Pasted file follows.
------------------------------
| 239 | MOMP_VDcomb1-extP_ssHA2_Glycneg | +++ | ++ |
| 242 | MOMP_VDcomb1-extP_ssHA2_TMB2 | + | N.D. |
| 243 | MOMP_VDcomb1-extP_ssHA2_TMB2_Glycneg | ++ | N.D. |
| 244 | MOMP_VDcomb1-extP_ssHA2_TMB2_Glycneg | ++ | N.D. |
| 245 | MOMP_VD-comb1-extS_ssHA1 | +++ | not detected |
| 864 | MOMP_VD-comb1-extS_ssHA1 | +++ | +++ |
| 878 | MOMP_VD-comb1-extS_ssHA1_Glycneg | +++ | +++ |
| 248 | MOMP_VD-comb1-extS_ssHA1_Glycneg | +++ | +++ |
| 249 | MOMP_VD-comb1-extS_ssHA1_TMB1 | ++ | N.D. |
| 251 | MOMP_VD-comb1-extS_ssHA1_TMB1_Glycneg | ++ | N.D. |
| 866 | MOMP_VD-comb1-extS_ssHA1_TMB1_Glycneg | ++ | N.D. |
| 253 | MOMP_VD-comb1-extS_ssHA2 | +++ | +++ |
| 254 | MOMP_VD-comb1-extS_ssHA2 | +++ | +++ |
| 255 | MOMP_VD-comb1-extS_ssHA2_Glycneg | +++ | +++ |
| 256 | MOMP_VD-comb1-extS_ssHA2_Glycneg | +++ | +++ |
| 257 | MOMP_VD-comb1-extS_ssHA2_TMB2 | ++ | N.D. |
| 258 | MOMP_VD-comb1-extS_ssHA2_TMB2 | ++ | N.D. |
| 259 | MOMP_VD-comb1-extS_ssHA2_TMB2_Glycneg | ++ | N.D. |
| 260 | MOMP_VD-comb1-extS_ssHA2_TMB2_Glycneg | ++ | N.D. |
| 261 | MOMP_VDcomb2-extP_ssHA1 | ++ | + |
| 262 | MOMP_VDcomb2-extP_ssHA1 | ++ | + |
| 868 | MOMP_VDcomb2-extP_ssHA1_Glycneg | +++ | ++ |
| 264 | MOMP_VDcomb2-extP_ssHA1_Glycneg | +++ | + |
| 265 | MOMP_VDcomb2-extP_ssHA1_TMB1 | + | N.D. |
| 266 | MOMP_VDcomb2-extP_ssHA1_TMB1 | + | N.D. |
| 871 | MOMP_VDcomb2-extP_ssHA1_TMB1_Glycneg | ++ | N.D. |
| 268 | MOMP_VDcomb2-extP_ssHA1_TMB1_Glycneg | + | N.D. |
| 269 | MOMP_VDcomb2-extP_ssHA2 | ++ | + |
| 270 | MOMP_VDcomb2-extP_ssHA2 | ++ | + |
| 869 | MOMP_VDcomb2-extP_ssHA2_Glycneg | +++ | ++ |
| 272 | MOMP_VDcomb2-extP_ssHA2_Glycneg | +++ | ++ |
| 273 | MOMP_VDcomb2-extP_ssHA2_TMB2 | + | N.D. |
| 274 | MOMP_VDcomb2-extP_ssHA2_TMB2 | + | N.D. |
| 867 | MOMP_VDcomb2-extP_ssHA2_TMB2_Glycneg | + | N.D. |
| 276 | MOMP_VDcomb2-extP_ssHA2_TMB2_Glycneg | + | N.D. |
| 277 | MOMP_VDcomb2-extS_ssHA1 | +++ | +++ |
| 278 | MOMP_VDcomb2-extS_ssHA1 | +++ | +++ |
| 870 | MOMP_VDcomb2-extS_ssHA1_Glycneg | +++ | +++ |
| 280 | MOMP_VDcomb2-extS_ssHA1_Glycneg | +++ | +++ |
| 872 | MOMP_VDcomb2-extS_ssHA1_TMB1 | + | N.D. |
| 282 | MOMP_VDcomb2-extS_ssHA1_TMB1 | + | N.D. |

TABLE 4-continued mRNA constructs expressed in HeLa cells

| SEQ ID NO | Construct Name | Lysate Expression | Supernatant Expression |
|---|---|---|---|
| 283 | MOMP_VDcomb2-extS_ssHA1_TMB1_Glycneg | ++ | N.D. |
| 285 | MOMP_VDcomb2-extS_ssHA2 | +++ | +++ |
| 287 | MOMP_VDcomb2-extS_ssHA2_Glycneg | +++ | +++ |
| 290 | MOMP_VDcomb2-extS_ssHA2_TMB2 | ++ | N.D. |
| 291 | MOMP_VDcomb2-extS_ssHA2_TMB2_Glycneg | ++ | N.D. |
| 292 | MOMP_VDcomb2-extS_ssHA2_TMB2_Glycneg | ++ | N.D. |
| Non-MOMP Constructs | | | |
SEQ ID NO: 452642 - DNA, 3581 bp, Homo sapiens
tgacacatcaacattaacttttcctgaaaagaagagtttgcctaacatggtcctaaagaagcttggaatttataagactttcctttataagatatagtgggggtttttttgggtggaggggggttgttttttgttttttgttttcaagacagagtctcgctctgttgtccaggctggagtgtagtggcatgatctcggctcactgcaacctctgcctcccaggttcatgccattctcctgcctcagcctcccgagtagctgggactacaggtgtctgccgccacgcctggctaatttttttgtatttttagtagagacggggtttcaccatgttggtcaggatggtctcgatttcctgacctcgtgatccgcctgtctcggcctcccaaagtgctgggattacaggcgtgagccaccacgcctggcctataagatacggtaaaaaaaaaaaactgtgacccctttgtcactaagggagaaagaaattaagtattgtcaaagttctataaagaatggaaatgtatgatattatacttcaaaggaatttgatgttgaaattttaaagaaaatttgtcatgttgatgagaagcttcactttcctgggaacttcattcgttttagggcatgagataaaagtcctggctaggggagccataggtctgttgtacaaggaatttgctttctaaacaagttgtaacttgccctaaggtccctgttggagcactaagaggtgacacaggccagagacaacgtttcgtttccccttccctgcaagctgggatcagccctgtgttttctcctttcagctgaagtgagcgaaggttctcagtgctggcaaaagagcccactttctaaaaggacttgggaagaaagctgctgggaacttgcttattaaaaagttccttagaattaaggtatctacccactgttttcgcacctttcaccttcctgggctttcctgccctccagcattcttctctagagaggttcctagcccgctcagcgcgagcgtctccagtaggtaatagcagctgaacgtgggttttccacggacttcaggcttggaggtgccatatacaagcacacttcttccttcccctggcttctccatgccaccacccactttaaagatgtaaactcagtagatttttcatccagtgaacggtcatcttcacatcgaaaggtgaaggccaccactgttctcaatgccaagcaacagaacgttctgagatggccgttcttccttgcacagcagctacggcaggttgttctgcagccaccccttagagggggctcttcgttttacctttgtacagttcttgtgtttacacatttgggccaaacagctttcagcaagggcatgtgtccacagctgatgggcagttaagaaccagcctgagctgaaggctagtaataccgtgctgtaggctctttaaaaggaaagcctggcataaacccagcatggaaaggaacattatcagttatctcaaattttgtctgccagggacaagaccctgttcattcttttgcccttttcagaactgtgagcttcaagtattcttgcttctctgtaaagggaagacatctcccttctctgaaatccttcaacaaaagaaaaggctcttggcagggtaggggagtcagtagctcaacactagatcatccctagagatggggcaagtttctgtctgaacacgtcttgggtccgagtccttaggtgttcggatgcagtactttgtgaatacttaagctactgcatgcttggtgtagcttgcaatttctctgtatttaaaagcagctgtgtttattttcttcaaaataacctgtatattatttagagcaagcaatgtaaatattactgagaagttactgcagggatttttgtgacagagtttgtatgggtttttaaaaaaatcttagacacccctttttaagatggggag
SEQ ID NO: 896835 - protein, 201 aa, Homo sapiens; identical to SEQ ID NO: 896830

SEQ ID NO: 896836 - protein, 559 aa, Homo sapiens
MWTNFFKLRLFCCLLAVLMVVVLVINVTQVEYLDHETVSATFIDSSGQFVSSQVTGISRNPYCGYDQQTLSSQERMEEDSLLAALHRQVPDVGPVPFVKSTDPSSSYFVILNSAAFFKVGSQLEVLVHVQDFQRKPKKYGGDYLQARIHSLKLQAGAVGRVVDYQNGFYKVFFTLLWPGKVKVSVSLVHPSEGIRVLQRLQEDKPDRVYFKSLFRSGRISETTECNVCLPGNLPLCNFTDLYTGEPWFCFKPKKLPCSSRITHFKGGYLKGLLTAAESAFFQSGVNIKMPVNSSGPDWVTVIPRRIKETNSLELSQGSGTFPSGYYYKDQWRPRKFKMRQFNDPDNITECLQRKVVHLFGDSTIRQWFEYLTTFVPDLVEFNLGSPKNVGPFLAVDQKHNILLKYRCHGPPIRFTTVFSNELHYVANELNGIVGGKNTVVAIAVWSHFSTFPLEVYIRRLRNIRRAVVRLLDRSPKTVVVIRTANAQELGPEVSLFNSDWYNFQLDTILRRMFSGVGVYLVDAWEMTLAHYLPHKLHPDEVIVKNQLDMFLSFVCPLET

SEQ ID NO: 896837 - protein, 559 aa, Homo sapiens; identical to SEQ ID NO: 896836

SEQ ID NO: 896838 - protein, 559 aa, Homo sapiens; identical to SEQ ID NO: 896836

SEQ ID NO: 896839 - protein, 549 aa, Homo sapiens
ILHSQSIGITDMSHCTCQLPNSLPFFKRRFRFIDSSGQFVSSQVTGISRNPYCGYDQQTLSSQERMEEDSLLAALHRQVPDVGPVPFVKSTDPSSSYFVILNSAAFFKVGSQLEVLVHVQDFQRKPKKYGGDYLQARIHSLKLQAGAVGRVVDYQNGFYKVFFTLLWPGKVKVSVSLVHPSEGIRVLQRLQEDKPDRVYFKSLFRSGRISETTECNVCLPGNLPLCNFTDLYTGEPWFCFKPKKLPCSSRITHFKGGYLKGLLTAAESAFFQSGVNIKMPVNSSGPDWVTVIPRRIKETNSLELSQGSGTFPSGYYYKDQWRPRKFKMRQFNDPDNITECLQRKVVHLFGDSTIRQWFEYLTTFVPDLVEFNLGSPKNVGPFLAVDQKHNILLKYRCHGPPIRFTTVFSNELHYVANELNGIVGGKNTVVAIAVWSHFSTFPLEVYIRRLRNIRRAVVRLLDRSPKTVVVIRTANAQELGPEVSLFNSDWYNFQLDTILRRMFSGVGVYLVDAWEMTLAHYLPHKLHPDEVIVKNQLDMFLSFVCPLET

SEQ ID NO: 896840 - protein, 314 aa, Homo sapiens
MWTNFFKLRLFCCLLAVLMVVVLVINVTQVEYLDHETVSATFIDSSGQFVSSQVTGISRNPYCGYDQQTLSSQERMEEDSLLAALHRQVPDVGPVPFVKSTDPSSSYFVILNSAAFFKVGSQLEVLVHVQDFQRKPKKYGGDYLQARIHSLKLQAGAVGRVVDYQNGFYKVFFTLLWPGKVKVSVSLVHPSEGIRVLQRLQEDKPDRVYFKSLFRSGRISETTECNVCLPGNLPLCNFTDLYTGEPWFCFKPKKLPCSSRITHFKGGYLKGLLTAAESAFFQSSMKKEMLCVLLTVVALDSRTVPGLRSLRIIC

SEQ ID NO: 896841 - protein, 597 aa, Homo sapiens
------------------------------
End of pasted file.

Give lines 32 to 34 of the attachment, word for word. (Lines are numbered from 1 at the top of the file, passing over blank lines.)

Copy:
| 273 | MOMP_VDcomb2-extP_ssHA2_TMB2 | + | N.D. |
| 274 | MOMP_VDcomb2-extP_ssHA2_TMB2 | + | N.D. |
| 867 | MOMP_VDcomb2-extP_ssHA2_TMB2_Glycneg | + | N.D. |